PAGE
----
OPINION FILED MAY 22, 1959.
JOHNSTON A. BOWMAN ET AL., APPELLANTS,
ARMOUR AND COMPANY ET AL., APPELLEES.
APPEAL from the Superior Court of Cook County; the Hon. JOHN
A. SBARBARO, Judge, presiding.
MR. JUSTICE HERSHEY DELIVERED THE OPINION OF THE COURT:
Rehearing denied September 22, 1959.
This is an equity proceeding for a declaratory judgment seeking to determine the validity of a 1954 amendment to the articles of incorporation of the defendant, Armour and Company, an Illinois corporation. The plaintiffs-appellants here seek to have the amendment declared invalid and further seek a declaration that action taken pursuant to that amendment be declared ineffective.
The original plaintiffs, as well as the intervenors, are owners of cumulative convertible prior preferred stock of Armour and Company, hereinafter referred to as "Armour." The stock will, in this opinion, be referred to as the "prior stock." The plaintiffs assert that the 1954 plan of recapitalization contained in the amendment operates to deprive them of rights and privileges as holders of the prior stock contrary to constitutional inhibitions.
The case was heard below on an agreed statement of facts, documents, and testimony. The trial court, in a written opinion, found the issues for the defendants and held the recapitalization plan as embodied in the amendment to the articles of incorporation to be valid and further held that the applicable sections of the Business Corporation Act that were construed as the statutory basis for the authorization of the amendment were constitutional.
Constitutional questions having been presented below and decided, this court has jurisdiction on direct appeal.
In 1954, prior to the plan of recapitalization here under attack, the capital structure, debt and surplus of Armour and Company, in thousands of dollars, were:
Long-term debt .......................... $124,699 Prior stock ............................. 50,000 Common stock ............................ 20,329 Capital and paid-in surplus ............. 33,619 Earned surplus .......................... 134,079 ________ $362,726
The prior stock had, by the terms of the stock certificates and the articles of incorporation, these material features: It had a stated value of $100 per share. Cumulative dividends of $6 per year were to be paid when and if declared and each share was convertible for six shares of common stock and could, at the option of the company, be redeemed at a price of $115 per share plus accumulated dividends. Each share of the prior stock had one vote in corporate matters and enjoyed certain preferences in the event of liquidation, whether voluntary or involuntary.
The plan of recapitalization proposed to amend the articles of incorporation by a vote of two thirds of the holders of each class of stock providing that the board of directors would be authorized to redeem the prior stock "at a price of $120.00 per share, payable in (i) debentures of like principal amount of the company, maturing November 1, 1984, bearing interest at the rate of 5% per annum cumulative from November 1, 1954, and to be subordinated to other indebtness of the Company, and having such sinking fund provisions and other terms and conditions as the board of directors of the company may determine, (ii) one transferable warrant for the purchase of one share of common stock of the Company, at such price or prices and having such other terms and conditions as the board of directors of the company may determine, (iii) and no more."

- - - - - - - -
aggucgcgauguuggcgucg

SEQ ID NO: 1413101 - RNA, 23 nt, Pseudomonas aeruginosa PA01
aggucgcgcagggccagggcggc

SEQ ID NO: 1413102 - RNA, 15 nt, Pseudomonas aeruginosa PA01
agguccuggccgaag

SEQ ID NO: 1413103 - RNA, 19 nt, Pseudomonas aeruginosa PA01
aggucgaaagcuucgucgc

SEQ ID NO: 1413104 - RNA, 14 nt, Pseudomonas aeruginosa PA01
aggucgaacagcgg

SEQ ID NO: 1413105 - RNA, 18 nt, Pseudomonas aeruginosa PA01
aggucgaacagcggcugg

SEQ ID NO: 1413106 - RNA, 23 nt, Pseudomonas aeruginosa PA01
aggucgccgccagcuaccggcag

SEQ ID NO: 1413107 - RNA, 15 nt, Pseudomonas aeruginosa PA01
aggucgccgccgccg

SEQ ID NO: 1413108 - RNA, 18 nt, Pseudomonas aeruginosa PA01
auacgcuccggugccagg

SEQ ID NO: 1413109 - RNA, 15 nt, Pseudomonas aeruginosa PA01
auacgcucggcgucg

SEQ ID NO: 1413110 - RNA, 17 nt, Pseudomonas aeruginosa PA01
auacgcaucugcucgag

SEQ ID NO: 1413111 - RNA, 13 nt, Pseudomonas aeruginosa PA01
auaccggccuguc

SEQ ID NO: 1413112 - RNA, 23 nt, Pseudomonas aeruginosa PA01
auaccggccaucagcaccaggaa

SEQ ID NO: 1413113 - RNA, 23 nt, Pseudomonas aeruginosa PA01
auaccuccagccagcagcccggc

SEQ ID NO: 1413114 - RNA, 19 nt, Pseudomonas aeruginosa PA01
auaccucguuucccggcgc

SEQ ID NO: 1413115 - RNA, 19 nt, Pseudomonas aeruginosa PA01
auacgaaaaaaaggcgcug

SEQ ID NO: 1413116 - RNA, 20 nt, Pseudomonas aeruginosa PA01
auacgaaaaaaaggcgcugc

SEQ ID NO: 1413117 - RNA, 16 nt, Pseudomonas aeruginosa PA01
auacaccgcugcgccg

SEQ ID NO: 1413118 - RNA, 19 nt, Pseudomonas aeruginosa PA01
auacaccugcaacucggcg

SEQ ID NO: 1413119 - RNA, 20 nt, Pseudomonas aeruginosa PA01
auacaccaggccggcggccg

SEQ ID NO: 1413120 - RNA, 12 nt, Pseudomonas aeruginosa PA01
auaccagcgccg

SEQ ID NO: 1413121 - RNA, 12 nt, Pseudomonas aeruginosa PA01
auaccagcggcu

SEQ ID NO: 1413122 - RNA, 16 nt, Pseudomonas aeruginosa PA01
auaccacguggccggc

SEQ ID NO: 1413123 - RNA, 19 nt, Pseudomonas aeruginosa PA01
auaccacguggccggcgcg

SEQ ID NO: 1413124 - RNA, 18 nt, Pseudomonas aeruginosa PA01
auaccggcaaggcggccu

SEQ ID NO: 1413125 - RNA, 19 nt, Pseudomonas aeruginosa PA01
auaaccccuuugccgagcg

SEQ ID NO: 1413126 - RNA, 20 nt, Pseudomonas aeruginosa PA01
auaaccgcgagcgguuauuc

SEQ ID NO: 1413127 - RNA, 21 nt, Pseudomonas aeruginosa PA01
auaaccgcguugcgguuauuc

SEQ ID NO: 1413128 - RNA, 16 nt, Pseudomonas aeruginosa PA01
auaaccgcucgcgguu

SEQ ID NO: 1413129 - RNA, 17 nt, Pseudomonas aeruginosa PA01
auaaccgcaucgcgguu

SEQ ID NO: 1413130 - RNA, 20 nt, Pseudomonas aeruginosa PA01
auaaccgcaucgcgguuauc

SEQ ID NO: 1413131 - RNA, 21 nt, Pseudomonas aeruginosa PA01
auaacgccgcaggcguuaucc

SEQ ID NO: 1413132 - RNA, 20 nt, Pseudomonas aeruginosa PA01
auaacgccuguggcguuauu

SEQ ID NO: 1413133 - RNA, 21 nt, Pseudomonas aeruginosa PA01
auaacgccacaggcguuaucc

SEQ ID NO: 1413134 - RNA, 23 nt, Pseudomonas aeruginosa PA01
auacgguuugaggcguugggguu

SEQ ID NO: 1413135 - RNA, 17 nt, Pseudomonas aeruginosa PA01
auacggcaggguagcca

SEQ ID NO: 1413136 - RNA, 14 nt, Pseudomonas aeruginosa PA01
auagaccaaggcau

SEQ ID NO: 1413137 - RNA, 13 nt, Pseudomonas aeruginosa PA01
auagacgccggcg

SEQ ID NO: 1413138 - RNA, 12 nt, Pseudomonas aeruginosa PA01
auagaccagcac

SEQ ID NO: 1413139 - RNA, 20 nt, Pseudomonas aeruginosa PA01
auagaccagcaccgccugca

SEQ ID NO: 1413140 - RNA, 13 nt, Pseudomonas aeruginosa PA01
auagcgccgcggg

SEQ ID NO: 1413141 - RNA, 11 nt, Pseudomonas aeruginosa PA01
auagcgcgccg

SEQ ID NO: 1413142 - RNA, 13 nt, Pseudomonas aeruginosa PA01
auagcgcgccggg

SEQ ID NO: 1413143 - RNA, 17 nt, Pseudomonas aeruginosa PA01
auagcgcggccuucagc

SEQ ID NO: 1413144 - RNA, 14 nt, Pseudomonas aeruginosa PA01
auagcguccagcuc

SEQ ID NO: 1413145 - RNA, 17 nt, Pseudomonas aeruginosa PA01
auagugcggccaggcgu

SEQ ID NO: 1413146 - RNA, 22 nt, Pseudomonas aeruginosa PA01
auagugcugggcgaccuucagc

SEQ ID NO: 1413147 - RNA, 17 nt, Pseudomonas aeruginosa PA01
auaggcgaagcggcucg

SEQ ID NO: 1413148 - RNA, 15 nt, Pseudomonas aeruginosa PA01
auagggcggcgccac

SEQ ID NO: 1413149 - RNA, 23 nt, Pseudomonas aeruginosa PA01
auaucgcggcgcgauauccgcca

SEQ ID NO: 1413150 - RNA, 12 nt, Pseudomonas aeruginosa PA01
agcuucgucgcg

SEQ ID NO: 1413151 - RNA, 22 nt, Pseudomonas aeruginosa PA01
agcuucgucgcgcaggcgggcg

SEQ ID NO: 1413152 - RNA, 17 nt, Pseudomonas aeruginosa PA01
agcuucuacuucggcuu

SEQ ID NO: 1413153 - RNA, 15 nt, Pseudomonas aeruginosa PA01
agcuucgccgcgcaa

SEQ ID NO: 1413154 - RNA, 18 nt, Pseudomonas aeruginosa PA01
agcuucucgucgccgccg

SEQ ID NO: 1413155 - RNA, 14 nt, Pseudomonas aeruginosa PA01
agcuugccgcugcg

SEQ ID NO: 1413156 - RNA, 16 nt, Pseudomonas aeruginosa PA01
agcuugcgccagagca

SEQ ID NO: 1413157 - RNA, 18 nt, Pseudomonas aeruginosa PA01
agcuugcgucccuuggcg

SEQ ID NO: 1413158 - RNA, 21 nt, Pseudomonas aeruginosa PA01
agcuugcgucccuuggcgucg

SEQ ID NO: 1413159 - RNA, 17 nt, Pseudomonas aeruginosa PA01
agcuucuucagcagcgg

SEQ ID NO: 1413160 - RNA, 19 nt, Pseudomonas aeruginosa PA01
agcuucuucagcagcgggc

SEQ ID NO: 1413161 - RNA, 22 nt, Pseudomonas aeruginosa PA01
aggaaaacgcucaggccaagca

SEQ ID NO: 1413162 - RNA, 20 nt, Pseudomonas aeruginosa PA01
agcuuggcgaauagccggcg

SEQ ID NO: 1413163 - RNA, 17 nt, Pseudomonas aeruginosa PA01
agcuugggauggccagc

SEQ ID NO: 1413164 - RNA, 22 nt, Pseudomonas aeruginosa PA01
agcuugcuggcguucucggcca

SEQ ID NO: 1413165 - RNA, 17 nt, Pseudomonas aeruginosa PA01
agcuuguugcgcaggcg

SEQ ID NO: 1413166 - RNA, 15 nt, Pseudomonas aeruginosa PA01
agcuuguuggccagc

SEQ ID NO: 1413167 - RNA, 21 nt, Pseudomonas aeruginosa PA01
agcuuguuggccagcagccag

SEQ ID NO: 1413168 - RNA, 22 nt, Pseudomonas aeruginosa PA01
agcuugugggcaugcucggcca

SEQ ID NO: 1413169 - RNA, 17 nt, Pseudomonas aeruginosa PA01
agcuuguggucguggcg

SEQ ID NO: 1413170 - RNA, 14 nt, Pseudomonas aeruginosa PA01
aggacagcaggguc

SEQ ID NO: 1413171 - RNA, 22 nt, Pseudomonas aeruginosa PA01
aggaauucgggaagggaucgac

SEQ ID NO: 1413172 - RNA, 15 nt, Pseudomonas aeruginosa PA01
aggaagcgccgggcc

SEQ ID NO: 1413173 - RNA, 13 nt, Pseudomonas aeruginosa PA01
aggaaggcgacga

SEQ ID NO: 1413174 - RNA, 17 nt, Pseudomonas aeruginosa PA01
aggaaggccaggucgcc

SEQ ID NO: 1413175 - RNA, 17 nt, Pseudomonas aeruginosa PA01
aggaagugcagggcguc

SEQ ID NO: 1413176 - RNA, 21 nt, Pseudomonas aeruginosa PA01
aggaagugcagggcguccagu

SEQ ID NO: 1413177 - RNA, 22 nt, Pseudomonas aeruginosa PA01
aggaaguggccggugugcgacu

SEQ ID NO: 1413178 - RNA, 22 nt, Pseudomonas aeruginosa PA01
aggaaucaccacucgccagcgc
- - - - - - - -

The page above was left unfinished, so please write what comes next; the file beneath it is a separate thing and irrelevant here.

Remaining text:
The debentures were to mature in 30 years and the stated interest rate of 5 per cent was payable out of earnings. The redemption as authorized by the amendment would, upon the exercise of the power to redeem as contained in the amendment, be compulsory. The amendment was voted upon by the shareholders and adopted by a vote of more than two thirds of each class of outstanding stock, the shareholders voting by class.
Questions relating to the necessity of the recapitalization, the tax advantages to the corporation, the fairness of the plan, the financial consequences of its adoption on the prior stockholders and the infringement of "contractual" or "vested" rights, as well as constitutional rights, have been ably presented on the appeal of this case. However, in view of the fact that our interpretation of the applicable provisions of the Business Corporation Act is determinative of this appeal, it is unnecessary to consider the question of fairness or, in fact, to consider any question other than statutory interpretation and laches.
The charter or articles of incorporation of an Illinois corporation is a contract of a three-fold nature. It is operative as between the corporation and the State and it creates rights and duties as between the corporation and its shareholders, as well as between the shareholders themselves. (Western Foundry Co. v. Wicker, 403 Ill. 260.) The express nature of the contract is not limited to the specific language found in the articles of incorporation but the contract in its entirety includes the statutory provisions in force when the charter is granted as though those statutory provisions were literally recited in the contract. (Kreicker v. Naylor Pipe Co. 374 Ill. 364; Tennant v. Epstein, 356 Ill. 26.) The holders of the prior stock thus held rights and privileges as expressed in the articles prior to the amendment subject at all times to variation, modification or change to the extent that the articles could be amended from time to time as authorized by the Business Corporation Act.